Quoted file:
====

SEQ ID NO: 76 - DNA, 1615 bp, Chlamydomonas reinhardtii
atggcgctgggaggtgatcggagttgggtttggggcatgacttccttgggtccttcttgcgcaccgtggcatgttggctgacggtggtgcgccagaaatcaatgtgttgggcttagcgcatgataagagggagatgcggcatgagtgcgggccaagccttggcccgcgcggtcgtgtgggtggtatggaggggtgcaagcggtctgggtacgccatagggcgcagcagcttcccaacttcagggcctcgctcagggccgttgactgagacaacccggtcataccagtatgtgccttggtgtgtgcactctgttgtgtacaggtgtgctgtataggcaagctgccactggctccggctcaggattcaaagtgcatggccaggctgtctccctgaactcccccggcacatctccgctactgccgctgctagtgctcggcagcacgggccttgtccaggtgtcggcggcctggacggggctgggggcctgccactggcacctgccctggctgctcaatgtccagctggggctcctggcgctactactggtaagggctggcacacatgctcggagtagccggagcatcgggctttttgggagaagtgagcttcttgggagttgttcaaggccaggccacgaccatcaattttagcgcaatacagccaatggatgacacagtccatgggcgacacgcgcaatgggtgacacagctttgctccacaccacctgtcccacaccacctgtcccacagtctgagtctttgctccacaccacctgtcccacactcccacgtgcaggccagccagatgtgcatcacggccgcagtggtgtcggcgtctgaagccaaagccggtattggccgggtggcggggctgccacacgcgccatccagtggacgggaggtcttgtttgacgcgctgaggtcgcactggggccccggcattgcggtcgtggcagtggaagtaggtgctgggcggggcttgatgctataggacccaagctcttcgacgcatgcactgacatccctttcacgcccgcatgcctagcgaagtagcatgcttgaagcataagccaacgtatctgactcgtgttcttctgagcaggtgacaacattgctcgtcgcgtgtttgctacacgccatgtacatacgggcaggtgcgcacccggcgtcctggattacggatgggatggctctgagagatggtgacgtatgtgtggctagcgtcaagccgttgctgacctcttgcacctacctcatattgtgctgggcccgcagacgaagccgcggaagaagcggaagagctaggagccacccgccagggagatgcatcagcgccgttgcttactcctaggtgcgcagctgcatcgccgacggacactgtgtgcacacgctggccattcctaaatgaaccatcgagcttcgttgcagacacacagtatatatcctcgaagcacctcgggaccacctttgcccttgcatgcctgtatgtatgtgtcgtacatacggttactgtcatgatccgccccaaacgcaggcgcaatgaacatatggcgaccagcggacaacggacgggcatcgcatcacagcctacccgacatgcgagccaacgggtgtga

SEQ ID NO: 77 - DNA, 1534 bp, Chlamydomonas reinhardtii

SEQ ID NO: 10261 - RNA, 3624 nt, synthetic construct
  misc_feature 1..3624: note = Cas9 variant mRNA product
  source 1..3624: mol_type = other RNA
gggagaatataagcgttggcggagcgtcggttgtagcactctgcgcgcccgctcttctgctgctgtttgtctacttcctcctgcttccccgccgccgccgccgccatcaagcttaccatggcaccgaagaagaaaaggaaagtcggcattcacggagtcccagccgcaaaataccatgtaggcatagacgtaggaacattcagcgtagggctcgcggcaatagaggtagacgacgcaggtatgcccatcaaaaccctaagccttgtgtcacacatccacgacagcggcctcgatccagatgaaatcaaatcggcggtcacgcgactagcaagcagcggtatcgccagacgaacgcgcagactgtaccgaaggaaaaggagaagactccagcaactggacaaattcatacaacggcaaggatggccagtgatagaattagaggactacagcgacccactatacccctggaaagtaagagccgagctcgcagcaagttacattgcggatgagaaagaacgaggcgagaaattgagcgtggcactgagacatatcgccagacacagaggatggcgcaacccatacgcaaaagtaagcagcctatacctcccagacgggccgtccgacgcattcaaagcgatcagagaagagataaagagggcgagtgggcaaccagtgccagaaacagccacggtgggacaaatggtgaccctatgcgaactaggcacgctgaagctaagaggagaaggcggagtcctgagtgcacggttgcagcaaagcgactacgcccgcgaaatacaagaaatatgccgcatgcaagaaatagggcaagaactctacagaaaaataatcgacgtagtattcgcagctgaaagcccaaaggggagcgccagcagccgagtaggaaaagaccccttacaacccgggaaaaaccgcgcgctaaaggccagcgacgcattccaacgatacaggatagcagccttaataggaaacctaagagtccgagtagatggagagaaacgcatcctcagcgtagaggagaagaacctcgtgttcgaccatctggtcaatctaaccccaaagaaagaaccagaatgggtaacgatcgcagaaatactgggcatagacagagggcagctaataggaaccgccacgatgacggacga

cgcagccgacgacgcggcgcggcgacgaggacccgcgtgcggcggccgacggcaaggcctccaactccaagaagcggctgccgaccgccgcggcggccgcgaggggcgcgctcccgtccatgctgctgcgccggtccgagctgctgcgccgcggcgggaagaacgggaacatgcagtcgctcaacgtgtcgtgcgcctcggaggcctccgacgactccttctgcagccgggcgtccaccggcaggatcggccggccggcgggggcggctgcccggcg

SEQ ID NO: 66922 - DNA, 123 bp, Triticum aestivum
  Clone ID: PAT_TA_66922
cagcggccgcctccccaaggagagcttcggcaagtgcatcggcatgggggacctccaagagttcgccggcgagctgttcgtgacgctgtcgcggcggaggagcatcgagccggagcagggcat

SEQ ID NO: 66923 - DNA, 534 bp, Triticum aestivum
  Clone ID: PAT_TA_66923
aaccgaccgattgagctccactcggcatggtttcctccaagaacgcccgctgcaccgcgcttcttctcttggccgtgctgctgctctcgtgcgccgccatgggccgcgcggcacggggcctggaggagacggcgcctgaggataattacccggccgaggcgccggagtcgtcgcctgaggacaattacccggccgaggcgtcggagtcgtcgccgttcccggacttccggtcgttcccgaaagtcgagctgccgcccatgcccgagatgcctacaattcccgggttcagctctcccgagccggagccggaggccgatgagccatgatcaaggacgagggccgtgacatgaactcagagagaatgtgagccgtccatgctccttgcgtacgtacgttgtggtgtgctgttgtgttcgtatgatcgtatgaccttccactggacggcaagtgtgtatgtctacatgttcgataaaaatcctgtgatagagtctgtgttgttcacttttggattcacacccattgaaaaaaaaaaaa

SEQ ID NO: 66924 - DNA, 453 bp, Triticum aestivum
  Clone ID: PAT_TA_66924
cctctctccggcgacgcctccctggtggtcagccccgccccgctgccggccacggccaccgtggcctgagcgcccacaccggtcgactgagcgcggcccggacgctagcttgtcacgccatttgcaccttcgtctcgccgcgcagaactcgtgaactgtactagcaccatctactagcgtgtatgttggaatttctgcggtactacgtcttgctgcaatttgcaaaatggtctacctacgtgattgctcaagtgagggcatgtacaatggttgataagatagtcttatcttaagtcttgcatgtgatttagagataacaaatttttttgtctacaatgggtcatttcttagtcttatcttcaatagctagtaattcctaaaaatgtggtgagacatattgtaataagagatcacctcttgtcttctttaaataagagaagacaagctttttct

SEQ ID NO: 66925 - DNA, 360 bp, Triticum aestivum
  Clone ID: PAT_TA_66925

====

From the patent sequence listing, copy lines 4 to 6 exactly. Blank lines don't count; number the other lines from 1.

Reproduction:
SEQ ID NO: 10261 - RNA, 3624 nt, synthetic construct
  misc_feature 1..3624: note = Cas9 variant mRNA product
  source 1..3624: mol_type = other RNA